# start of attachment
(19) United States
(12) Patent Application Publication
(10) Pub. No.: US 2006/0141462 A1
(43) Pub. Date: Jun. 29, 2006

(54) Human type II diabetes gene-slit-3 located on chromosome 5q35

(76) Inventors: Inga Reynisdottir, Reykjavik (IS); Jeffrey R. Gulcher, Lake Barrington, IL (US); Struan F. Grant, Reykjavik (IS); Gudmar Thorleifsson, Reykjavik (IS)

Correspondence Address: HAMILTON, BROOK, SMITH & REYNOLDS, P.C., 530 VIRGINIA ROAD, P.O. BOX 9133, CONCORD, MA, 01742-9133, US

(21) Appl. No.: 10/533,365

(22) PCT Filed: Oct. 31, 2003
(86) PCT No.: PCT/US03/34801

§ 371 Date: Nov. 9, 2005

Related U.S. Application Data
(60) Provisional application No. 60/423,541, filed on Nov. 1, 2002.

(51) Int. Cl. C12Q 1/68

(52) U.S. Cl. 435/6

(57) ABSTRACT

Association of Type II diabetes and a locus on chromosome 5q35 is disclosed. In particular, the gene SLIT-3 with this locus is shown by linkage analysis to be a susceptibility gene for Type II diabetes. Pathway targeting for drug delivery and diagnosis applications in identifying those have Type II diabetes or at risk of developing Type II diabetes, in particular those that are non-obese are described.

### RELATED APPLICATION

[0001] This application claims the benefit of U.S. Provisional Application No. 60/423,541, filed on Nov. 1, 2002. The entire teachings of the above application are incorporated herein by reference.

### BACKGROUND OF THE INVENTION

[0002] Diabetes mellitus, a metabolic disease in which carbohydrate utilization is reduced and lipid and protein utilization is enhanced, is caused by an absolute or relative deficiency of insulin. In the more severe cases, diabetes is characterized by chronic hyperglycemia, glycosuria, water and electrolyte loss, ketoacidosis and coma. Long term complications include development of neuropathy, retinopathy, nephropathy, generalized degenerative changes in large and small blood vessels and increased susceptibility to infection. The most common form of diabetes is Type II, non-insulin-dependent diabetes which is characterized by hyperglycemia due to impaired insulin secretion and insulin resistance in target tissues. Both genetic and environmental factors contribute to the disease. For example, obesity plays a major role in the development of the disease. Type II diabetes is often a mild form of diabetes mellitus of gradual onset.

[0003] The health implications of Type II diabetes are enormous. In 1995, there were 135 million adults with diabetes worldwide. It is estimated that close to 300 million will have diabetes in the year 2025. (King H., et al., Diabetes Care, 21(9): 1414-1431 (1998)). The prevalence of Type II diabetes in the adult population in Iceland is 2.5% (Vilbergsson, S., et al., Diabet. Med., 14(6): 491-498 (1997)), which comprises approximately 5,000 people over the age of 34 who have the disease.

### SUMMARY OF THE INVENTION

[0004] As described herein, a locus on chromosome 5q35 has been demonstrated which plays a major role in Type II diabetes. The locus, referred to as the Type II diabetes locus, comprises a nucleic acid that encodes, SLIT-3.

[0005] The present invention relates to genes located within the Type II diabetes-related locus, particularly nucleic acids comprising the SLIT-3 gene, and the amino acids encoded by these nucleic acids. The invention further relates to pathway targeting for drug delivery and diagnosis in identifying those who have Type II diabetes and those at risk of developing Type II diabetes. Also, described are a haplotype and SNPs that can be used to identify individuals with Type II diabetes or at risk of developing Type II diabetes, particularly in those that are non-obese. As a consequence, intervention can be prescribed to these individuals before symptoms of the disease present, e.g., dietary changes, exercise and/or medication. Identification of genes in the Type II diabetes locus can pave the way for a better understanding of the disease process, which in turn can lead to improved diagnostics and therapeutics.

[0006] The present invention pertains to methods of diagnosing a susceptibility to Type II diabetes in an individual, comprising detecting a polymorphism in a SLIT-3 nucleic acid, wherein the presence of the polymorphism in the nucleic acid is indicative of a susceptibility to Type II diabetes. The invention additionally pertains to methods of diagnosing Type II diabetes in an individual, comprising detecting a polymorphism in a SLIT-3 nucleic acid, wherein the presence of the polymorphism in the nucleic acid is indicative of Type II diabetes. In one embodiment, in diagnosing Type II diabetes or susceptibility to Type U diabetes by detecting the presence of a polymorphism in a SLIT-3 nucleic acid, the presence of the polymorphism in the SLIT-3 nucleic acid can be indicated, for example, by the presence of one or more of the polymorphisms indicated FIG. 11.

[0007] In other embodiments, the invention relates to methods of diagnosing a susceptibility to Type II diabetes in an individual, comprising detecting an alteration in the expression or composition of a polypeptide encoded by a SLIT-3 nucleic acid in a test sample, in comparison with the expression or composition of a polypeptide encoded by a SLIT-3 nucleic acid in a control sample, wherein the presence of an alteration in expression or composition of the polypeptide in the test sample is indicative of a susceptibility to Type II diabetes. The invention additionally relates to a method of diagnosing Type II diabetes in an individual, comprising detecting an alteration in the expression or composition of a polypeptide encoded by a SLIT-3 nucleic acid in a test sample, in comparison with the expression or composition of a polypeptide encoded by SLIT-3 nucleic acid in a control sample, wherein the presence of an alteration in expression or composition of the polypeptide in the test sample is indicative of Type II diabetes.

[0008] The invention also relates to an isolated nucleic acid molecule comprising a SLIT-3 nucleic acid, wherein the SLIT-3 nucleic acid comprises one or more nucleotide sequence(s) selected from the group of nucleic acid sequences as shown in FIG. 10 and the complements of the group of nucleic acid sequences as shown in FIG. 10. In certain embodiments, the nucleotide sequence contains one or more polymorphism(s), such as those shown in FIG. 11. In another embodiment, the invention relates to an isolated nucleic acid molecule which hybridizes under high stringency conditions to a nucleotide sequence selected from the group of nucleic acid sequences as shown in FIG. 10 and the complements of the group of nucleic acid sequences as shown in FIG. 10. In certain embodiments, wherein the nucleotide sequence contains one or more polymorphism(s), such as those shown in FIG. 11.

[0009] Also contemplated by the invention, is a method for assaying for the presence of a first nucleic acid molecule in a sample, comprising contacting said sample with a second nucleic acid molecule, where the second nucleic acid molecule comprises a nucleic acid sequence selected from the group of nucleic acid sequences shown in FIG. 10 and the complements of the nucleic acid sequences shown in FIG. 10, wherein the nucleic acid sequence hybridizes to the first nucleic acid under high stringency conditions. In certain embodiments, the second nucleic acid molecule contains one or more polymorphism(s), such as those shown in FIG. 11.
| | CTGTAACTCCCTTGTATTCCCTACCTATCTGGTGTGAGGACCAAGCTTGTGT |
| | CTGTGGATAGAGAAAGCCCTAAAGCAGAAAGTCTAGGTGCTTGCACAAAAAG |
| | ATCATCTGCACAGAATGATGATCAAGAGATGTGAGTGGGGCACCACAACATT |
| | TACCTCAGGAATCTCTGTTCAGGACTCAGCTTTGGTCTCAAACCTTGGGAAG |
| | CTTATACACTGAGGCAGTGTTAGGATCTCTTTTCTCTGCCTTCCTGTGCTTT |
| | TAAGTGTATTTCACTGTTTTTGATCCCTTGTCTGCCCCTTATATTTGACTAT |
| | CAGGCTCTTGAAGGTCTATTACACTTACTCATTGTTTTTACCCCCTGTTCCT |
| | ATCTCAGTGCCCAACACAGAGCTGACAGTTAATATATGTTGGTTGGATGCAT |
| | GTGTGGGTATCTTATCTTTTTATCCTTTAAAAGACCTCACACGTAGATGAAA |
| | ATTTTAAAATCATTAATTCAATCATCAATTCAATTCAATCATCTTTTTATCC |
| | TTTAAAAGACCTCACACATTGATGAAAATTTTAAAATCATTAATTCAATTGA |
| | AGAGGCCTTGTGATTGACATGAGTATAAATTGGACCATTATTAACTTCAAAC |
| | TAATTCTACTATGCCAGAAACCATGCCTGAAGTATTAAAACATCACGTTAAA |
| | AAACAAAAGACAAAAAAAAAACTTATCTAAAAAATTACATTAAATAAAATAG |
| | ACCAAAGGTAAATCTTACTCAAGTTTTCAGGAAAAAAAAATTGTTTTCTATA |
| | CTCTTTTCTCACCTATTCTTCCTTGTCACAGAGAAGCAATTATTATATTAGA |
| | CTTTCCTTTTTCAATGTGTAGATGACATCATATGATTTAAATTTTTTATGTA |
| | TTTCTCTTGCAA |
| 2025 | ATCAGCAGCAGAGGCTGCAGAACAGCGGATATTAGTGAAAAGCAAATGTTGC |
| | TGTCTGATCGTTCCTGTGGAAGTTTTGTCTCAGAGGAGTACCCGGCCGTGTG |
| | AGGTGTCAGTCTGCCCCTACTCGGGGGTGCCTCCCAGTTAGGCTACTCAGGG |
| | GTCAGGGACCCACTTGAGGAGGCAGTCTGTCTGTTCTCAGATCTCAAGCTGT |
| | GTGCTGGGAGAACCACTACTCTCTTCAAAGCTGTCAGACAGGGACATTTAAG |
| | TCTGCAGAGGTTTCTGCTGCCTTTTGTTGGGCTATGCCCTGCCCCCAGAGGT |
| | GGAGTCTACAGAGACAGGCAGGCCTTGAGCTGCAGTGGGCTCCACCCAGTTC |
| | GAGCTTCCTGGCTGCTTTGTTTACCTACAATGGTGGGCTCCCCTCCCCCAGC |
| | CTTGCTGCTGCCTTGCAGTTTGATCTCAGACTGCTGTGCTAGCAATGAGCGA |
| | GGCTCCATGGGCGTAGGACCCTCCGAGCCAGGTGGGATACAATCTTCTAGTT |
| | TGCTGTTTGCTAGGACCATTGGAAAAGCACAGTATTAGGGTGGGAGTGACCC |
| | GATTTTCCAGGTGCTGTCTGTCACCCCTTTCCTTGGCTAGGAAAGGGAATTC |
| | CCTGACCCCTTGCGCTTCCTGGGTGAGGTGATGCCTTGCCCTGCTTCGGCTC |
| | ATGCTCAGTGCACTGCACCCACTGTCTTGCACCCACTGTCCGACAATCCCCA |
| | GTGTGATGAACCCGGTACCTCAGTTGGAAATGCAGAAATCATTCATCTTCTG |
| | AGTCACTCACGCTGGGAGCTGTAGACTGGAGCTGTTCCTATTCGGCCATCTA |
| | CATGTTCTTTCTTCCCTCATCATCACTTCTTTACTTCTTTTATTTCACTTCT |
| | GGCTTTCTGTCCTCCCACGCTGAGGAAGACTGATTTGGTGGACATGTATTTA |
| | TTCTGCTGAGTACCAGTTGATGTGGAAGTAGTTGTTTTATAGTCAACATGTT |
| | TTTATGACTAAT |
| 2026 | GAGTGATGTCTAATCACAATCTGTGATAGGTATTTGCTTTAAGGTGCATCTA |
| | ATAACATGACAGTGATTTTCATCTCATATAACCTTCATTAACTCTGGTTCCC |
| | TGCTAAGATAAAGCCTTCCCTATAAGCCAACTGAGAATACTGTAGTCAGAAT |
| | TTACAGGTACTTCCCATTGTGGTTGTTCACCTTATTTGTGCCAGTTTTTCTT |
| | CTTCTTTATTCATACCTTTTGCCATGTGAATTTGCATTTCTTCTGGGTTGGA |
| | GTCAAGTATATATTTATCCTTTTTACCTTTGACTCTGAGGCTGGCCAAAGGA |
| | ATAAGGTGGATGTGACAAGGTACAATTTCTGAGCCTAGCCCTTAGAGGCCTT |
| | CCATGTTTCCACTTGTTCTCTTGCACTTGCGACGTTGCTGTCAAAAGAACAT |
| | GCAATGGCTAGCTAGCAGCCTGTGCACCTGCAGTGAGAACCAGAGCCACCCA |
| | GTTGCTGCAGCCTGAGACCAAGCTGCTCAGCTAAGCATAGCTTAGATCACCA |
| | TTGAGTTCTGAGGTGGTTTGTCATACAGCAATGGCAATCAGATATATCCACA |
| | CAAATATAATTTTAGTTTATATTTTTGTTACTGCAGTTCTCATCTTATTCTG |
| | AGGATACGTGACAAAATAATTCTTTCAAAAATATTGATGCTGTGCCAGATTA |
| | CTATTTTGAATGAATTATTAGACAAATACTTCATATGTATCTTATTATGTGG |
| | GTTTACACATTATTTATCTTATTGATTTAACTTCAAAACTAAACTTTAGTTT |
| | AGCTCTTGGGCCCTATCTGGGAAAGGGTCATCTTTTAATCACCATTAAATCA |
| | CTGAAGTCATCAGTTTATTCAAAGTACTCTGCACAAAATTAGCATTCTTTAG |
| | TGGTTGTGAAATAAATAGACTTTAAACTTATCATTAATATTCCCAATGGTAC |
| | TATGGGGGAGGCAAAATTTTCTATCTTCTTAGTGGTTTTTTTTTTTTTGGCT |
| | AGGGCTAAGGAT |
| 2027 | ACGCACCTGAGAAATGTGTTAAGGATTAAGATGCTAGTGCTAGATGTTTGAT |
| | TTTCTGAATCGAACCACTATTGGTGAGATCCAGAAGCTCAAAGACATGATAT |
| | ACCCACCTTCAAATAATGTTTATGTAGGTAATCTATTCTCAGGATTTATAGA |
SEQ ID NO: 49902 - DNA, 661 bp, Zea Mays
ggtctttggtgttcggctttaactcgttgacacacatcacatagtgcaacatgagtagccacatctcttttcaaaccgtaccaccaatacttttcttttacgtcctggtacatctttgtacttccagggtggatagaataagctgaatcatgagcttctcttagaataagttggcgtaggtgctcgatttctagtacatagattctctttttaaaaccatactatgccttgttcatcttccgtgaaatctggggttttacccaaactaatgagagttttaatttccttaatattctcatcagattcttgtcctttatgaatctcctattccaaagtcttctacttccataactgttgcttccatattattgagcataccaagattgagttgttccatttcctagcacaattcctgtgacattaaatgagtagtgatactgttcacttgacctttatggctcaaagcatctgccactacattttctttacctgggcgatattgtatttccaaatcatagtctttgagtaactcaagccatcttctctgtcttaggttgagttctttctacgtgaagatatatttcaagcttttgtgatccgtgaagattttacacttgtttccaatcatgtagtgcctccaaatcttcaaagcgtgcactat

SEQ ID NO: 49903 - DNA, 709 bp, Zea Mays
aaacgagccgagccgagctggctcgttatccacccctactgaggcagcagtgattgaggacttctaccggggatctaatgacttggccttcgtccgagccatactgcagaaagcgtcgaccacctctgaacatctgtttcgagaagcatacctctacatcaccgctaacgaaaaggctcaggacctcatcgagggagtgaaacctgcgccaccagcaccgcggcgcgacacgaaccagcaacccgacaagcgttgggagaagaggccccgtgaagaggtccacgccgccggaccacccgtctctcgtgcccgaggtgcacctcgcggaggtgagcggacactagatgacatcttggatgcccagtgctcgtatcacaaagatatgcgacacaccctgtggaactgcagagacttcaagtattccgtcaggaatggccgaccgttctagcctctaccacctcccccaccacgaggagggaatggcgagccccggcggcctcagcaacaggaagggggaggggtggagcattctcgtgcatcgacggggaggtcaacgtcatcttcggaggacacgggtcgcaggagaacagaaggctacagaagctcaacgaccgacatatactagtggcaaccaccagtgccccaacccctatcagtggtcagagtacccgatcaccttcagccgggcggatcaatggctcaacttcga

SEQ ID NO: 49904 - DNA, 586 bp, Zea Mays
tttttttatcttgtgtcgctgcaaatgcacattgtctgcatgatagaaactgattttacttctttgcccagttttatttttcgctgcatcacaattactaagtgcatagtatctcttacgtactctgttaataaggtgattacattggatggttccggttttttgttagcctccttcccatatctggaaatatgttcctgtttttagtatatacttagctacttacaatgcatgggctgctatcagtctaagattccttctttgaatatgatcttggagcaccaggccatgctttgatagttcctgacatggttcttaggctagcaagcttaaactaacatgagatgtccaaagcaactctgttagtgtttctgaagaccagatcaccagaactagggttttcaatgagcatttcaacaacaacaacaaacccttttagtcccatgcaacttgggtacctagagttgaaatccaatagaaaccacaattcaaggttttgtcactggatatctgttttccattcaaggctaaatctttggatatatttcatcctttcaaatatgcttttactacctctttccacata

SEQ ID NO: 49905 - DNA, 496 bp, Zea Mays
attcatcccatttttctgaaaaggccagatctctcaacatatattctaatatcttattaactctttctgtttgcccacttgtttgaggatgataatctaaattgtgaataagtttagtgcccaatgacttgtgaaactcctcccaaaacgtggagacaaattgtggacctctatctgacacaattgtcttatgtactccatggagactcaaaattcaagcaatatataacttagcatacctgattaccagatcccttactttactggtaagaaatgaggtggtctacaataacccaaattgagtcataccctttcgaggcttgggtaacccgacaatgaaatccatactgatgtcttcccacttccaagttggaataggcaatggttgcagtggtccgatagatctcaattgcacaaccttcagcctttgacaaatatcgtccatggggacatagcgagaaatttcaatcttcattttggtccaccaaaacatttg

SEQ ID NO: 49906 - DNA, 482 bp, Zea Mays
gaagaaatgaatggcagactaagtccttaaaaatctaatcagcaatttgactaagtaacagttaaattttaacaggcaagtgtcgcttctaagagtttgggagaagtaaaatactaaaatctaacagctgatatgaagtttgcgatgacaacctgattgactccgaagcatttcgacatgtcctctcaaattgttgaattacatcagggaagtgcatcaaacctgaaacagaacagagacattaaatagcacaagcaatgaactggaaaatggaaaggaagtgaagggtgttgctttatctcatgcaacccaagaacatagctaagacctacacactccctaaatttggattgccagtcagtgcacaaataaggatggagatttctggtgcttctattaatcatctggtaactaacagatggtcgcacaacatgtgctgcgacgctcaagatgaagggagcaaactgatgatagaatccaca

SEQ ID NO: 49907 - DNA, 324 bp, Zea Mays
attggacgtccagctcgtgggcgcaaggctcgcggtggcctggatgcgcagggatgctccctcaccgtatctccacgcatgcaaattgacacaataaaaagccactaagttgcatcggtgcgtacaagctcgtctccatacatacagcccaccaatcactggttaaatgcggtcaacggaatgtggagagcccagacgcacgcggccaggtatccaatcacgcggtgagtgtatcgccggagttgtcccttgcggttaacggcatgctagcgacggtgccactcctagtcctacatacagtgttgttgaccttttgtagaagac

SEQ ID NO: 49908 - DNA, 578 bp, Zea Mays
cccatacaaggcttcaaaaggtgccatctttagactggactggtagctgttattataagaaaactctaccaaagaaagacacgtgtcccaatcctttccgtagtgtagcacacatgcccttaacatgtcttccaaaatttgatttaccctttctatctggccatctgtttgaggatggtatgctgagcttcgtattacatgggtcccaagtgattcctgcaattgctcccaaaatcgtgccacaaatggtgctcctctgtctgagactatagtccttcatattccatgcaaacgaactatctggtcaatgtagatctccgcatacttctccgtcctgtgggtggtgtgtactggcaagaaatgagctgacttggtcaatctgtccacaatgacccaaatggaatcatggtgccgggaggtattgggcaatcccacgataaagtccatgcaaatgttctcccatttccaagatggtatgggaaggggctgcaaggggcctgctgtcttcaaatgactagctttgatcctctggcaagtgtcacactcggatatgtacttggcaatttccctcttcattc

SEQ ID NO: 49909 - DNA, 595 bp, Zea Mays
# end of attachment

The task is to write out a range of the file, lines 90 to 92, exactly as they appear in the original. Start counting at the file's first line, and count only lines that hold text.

| | ACCCACCTTCAAATAATGTTTATGTAGGTAATCTATTCTCAGGATTTATAGA |
SEQ ID NO: 49902 - DNA, 661 bp, Zea Mays
ggtctttggtgttcggctttaactcgttgacacacatcacatagtgcaacatgagtagccacatctcttttcaaaccgtaccaccaatacttttcttttacgtcctggtacatctttgtacttccagggtggatagaataagctgaatcatgagcttctcttagaataagttggcgtaggtgctcgatttctagtacatagattctctttttaaaaccatactatgccttgttcatcttccgtgaaatctggggttttacccaaactaatgagagttttaatttccttaatattctcatcagattcttgtcctttatgaatctcctattccaaagtcttctacttccataactgttgcttccatattattgagcataccaagattgagttgttccatttcctagcacaattcctgtgacattaaatgagtagtgatactgttcacttgacctttatggctcaaagcatctgccactacattttctttacctgggcgatattgtatttccaaatcatagtctttgagtaactcaagccatcttctctgtcttaggttgagttctttctacgtgaagatatatttcaagcttttgtgatccgtgaagattttacacttgtttccaatcatgtagtgcctccaaatcttcaaagcgtgcactat